Watch CBS News

WWE Superstar Carmella Talks Being Bullied As Champion

By Chuck Carroll

(CBS Boston/CBS Local) -- WWE Superstar Carmella could be on her way to become Miss Money In The Bank for a second time. The queen of the Seven-Second Dance Break parlayed a controversial win in the inaugural women's MITB ladder match into a four-month reign as SmackDown Women's Champion by defeating Charlotte Flair to capture the gold last year.

But before she can become a two-time champion, she'll have to defeat five other women at the upcoming pay-per-view to earn the right to cash in a contract guaranteeing a title shot any time over the next year. Among those standing in her way are last year's winner, Alexa Bliss, who was similarly able to successfully cash in for gold and former champions Bayley, Naomi, and Natalya. The eight-woman field is rounded out by Ember Moon, Mandy Rose and Dana Brooke, who are still seeking their first title runs on the main roster.

Much has changed for Carmella in the past six months, and it appears more changes could be on the way. Her character has morphed from being one of the most hated villains on the roster to becoming a beloved fan favorite after being paired with R-Truth. As "The Fabulous Truth," the duo captivated audiences with their dance routine, but it appears that the dance break has been broken up.

She appears poised to make another solo run, as R-Truth has set his sights on newcomer Lars Sullivan, while she preps for new challenges in the women's division. She also recently hinted on Twitter that she'll be changing her appearance soon, as her character morphs again.

Carmella heads into Money In The Bank with momentum following her victory at this year's Women's Battle Royal at WrestleMania and hopes to keep the ball rolling as she embarks on this new leg of her career. But if things do break her way and a second title reign is in her future, she hopes not to be considered such a villain by fans this time. She confesses that she fell prey to cyberbullying during her time as champion and was on the receiving end of hateful messages on social media.

I had the opportunity to catch up with The Staten Island Princess as she crisscrossed the New York area over WrestleMania week, appearing at scores of events giving back to the community. We spoke minutes after she led a group of cancer survivors in a Zumba class and again a few days later at a Brooklyn Boys & Girls Club following WWE's signature Be-a-STAR anti-bullying rally, where she was able to speak to children from the heart.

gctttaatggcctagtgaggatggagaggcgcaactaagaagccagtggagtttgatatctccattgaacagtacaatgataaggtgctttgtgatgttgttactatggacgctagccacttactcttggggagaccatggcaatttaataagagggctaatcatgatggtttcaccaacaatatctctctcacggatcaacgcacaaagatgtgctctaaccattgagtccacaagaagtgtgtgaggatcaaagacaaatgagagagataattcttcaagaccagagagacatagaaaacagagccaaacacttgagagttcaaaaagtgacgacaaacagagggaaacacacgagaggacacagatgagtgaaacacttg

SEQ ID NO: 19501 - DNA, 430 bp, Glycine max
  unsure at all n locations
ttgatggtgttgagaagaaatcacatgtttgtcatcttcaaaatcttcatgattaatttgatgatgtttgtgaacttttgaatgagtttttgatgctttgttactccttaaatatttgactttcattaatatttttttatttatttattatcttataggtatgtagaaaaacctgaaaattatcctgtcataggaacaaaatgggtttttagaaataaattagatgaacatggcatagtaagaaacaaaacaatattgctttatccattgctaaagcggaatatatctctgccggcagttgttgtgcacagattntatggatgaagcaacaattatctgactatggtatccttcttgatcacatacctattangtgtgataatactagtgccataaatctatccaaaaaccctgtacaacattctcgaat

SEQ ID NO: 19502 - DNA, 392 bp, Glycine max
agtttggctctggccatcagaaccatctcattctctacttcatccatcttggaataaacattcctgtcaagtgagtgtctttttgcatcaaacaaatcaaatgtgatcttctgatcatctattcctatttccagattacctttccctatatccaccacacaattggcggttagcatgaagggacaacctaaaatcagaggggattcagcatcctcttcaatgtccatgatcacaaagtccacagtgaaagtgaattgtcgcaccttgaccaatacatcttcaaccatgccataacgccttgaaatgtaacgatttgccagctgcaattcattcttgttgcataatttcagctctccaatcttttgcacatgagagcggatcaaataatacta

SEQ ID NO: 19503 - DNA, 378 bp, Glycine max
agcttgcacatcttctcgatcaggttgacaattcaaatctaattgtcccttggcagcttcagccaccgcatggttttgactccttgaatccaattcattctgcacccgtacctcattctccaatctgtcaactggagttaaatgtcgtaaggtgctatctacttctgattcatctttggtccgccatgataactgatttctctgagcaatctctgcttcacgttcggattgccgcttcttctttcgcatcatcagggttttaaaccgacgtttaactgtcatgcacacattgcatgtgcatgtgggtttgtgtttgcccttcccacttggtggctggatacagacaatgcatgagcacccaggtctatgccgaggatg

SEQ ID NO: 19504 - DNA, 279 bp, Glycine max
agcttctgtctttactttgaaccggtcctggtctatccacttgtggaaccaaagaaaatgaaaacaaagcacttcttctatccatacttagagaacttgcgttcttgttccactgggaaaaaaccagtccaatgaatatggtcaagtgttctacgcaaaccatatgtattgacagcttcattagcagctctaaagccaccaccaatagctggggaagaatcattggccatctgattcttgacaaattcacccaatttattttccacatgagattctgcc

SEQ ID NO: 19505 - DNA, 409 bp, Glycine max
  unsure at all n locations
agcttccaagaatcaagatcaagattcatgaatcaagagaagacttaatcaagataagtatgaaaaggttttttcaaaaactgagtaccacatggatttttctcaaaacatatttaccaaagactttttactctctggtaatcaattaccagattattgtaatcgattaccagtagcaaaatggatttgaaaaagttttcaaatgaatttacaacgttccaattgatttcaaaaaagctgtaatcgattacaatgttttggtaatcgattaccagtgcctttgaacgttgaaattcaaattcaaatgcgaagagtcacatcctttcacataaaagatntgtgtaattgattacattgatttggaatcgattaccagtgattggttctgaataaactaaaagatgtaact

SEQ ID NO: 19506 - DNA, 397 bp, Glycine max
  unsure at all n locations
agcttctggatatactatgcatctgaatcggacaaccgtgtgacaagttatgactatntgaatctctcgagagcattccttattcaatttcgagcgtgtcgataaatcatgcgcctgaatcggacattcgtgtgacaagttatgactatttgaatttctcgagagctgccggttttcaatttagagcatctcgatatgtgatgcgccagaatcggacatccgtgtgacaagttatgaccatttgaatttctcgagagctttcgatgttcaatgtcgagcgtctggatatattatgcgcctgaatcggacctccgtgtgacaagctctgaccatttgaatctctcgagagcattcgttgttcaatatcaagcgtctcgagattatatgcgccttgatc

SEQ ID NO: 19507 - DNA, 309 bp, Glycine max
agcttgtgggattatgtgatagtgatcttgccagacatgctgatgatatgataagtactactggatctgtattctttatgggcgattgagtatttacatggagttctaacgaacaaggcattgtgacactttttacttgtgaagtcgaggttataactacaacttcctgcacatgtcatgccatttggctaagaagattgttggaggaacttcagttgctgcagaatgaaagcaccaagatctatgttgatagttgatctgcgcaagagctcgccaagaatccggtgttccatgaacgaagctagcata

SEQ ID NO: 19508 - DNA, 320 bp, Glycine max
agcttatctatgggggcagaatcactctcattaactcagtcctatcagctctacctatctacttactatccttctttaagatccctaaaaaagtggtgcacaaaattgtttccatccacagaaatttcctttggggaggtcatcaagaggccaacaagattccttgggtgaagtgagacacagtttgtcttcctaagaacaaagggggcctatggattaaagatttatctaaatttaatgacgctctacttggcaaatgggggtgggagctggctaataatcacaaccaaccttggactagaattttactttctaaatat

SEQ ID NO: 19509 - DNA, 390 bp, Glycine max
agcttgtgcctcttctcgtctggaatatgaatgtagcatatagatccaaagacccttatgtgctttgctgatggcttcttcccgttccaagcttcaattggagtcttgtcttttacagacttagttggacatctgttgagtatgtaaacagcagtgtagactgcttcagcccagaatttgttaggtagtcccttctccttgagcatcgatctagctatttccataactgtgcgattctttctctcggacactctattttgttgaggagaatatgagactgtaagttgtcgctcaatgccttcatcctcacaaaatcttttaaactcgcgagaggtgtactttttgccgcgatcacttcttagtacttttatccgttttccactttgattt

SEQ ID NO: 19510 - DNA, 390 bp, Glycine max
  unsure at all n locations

>>READ: Latest from the world of Pro Wrestling

(credit: Frank Polich/Getty Images)

Can you give a specific story about a time that you had to overcome bullying and, to borrow a line from John Cena, rise above hate?

Gosh. It's just so funny, because when I had the Money in the Bank contract, I felt like, I try not to read all the tweets. But if we're talking about this, then everyone was like, "Oh, Carmella deserves this. She deserves an opportunity." And then I cash in my contract, and then everyone's like, "Oh my gosh. I can't believe she's champion." I was like, all of you people were just sort of rallying behind me and trying to get me, wanting me to win the title, and then I get it, and then immediately they're all hating on me. But again, they're always going to be hating.

People said I didn't deserve to beat Charlotte, I didn't deserve to beat Asuka. But I did it, and it lead me to where I'm at and, at the end of the day, what they think is not real. What I'm doing, my hard work, and being here at the Boys & Girls Club and giving back to the community, that's the stuff that's real. It doesn't matter if people think I'm worthy or not of being champion.

With the women's evolution continuing, your character has been evolving as well. How has that transition been for you? It's such a contrast to where you were.

I know. It's so crazy, when I actually think about it. Because last time we were here in Brooklyn was SummerSlam, when I lost the title, and I was booed out of the building when I first came out for my entrance that night. And a few short weeks later I'm getting cheered, because I'm with R-Truth.